And, the weather is equally seductive. No other city in India can beat the weather here. “When I came here with my family, we used to complain about the narrow roads but that used to pale into significance when we used to go back to Delhi’s extreme climate when the kids had holidays in summer and winter. We, along with the kids have become addicted to this weather,” says Kingshuk, a software engineer, originally from Delhi.
High-end tech charisma
But, when it comes to high end tech work, this is the place to be. For instance, last year, Intel’s Bangalore R&D centre filed 63 patents, and has emerged as the most important research base beating Israel and Malaysia. Similarly GE’s R&D center has 20% of its resources on 5-to-10-year fundamental research in areas such as nanotechnology, hydrogen energy, photonics, and advanced propulsion. TI and IBM too have one of the highest number of patents being filed from here. In the past 6-8 months this year, over 100 companies have set up shop here. Says B.V. Naidu, Software Technology Parks of India, Bangalore (STPI- B) director, “Majority are foreign equity companies while the rest are BPOs. Many are still coming.”
Sheen might fade
But one cannot merely wish the infrastructure woes away. Cautions Sridhar Mitta, co-founder, e4e Labs, a VC company, “ There is something called a delay factor. Most of the companies who are coming here are executing plans drawn up 12-18 months ago. New ones are going to look elsewhere. Undoubtedly, Bangalore’s brand has been built over the past decade, but over the last year or two it has begun to decay. However, it will take a long period of neglect for it to fade away. The tech hub Bangalore has definitely achieved a certain recognition. Visiting global CEOs do not see the infrastructure problems in their short visits, and so generally feel pretty good.
“However, no brand lasts forever without the requisite investment and there are always scrappier contenders wanting to usurp that position. As things stand today, Bangalore is depleting, not building upon, the capital it had already created,” warns Wipro’s Paul.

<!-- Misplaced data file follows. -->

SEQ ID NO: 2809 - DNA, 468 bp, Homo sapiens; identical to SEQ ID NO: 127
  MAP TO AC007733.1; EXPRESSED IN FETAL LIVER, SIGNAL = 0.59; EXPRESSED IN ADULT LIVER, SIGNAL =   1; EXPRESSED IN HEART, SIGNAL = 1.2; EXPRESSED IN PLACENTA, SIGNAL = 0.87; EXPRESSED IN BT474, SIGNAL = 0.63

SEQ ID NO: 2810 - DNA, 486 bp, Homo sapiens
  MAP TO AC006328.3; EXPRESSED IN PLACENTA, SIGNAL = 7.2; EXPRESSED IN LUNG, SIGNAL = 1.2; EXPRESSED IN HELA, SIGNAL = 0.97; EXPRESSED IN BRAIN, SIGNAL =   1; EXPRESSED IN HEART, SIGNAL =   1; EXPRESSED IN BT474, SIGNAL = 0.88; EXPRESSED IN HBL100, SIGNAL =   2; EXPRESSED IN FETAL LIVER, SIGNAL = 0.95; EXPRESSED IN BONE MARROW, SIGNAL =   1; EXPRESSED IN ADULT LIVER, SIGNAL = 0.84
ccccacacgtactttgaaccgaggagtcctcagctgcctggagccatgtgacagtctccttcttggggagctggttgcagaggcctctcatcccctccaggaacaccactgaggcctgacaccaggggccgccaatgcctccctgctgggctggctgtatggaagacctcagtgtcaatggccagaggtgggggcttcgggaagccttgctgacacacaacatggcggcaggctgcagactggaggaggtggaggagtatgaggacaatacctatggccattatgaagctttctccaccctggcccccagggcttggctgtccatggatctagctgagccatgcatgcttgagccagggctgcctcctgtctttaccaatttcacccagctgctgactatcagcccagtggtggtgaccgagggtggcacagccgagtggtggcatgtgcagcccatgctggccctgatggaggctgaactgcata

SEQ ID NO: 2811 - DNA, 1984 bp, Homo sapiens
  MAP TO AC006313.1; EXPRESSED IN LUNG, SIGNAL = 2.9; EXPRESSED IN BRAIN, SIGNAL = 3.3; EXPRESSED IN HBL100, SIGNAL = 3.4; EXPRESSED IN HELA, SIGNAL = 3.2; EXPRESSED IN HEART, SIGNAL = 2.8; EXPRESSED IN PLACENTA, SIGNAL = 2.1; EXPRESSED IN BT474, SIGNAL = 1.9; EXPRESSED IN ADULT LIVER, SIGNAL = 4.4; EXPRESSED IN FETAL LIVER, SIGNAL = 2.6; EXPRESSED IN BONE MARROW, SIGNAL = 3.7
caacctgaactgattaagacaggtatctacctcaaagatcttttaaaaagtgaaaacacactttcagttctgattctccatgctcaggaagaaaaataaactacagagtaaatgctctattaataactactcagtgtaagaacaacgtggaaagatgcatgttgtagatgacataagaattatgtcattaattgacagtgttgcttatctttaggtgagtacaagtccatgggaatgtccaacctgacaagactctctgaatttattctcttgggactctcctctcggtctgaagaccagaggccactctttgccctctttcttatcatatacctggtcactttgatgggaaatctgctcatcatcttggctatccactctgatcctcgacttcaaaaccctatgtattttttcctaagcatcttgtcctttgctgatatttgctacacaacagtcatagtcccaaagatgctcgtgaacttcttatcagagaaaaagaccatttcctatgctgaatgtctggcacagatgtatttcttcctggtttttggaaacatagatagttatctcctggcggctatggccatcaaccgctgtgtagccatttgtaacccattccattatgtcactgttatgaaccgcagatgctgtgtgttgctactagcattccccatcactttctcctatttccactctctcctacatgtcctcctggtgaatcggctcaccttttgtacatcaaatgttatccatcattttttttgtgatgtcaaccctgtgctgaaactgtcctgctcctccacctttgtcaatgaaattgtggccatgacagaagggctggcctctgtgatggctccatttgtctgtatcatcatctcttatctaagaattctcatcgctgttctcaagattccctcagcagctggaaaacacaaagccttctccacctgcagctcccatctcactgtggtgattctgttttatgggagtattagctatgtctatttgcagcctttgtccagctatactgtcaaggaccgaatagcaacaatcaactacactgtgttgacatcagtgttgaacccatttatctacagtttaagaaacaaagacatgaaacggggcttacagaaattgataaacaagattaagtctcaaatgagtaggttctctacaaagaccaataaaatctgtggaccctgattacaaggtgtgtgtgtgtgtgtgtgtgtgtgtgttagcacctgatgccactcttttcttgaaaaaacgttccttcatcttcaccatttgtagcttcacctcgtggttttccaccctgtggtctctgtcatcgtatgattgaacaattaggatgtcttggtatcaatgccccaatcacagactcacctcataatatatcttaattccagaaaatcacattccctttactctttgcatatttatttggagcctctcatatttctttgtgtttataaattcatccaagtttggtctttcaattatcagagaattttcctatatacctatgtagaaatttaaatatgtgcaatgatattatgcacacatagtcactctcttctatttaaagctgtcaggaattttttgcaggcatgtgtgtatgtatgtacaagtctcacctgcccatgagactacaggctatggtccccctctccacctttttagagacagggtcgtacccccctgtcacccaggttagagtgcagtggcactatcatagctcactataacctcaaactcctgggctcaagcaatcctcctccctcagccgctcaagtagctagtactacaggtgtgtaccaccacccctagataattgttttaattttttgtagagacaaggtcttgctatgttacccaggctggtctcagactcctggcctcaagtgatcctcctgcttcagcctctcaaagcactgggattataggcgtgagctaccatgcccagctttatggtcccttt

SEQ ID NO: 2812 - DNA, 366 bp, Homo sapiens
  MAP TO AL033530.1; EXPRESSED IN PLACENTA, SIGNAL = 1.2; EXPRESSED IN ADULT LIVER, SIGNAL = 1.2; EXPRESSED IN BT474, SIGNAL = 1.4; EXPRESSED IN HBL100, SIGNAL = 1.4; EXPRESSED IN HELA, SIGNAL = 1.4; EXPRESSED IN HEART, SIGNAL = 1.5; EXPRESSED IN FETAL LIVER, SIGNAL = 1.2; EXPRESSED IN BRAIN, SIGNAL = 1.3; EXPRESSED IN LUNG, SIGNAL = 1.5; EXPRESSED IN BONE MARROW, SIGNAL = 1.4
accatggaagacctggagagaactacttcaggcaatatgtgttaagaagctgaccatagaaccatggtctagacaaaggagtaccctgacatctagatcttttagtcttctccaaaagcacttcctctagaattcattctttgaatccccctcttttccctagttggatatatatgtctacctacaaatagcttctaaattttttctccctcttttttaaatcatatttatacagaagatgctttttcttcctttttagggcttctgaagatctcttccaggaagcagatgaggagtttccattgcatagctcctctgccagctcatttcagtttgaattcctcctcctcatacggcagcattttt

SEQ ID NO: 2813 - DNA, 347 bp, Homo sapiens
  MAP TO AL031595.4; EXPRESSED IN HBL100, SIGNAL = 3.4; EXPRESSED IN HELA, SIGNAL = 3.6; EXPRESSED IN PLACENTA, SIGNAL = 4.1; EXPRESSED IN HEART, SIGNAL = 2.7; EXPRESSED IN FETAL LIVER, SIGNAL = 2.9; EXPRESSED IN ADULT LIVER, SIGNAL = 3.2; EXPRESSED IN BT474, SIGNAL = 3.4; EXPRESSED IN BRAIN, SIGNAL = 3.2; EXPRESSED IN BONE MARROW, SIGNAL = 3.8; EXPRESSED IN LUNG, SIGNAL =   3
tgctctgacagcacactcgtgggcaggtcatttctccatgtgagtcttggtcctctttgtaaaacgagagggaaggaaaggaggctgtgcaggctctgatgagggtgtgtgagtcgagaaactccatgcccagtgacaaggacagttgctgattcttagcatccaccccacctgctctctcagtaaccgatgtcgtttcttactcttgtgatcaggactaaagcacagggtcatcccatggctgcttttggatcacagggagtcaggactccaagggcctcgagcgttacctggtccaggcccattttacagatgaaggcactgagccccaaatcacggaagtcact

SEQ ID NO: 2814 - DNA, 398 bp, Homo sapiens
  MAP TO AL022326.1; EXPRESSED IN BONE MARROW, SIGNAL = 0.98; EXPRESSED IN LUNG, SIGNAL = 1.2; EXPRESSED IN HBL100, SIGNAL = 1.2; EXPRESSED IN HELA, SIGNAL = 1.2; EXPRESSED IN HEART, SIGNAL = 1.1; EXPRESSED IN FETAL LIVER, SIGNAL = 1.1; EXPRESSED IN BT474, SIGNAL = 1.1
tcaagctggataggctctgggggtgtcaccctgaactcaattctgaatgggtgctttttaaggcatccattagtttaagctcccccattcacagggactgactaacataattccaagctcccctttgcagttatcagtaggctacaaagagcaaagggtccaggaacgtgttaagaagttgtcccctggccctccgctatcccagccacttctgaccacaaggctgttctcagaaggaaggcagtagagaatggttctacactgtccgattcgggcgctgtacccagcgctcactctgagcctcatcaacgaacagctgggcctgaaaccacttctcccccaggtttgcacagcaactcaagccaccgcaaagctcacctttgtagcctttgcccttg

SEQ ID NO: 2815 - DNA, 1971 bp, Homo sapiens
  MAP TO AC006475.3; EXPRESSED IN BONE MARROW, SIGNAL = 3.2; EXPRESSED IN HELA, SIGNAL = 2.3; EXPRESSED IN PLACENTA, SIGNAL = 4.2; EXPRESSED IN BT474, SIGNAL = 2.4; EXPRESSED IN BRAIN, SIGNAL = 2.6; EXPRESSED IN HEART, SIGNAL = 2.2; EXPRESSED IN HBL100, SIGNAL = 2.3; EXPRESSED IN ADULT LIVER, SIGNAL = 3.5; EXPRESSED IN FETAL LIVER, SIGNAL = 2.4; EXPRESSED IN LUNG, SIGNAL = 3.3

But hope lingers on
Rama Rao C, who heads Capgemini, a $6-billion provider of consulting and outsourcing services, which recently set up its development centre in Bangalore has the last word, “Some of our global customers told us that for offshore projects, it would have to be Bangalore.” And, for those like Philips, Texas Instruments and others who have invested heavily, there is no other place to expand. “We have recently increased our investment and we feel that this is the place for our kind of development work,” says Bob Hoekstra, CEO, Philips Software.
No wonder then the Shantis, Shekars and Francos are congregating to this city that never gives up on IT.
1700 IT firms 300 MNCs 2.25 lakh techies 75,000 call centre agents 92 companies set up in last 2 months
CALLS FOR CHEER
Real cosmopolitan flavour Great expats infrastructure Nail-biting shopping experience Hateful graffiti missing on walls Extensive foreign language skills Distinctive pub culture Hotels go houseful but service apartments make up for it.
NEIGHBOURS CHIP AWAY
Kerala CM, Oommen Chandy with his entourage came to Bangalore to meet industry players like Infosys, Wipro, Intel, Accenture and others, suggesting new investment in the God’s own country. Tamil Nadu is always nipping at Banglore’s heels.The Jayalalithaa government has announced several fiscal incentives for IT companies and in the past few months many Bangalore-based companies have indicated their willingness to set up new businesses in capital Chennai. Hyderabad is perpetually in the race, vying with Bangalore – giving the IT capital a run for its brand, making sure that its ‘Cyberabad’ revolution quietly continues CMs from Punjab, West Bengal, Goa and Chhattisgarh too had come calling - urging the Bangalore IT community to invest in their states.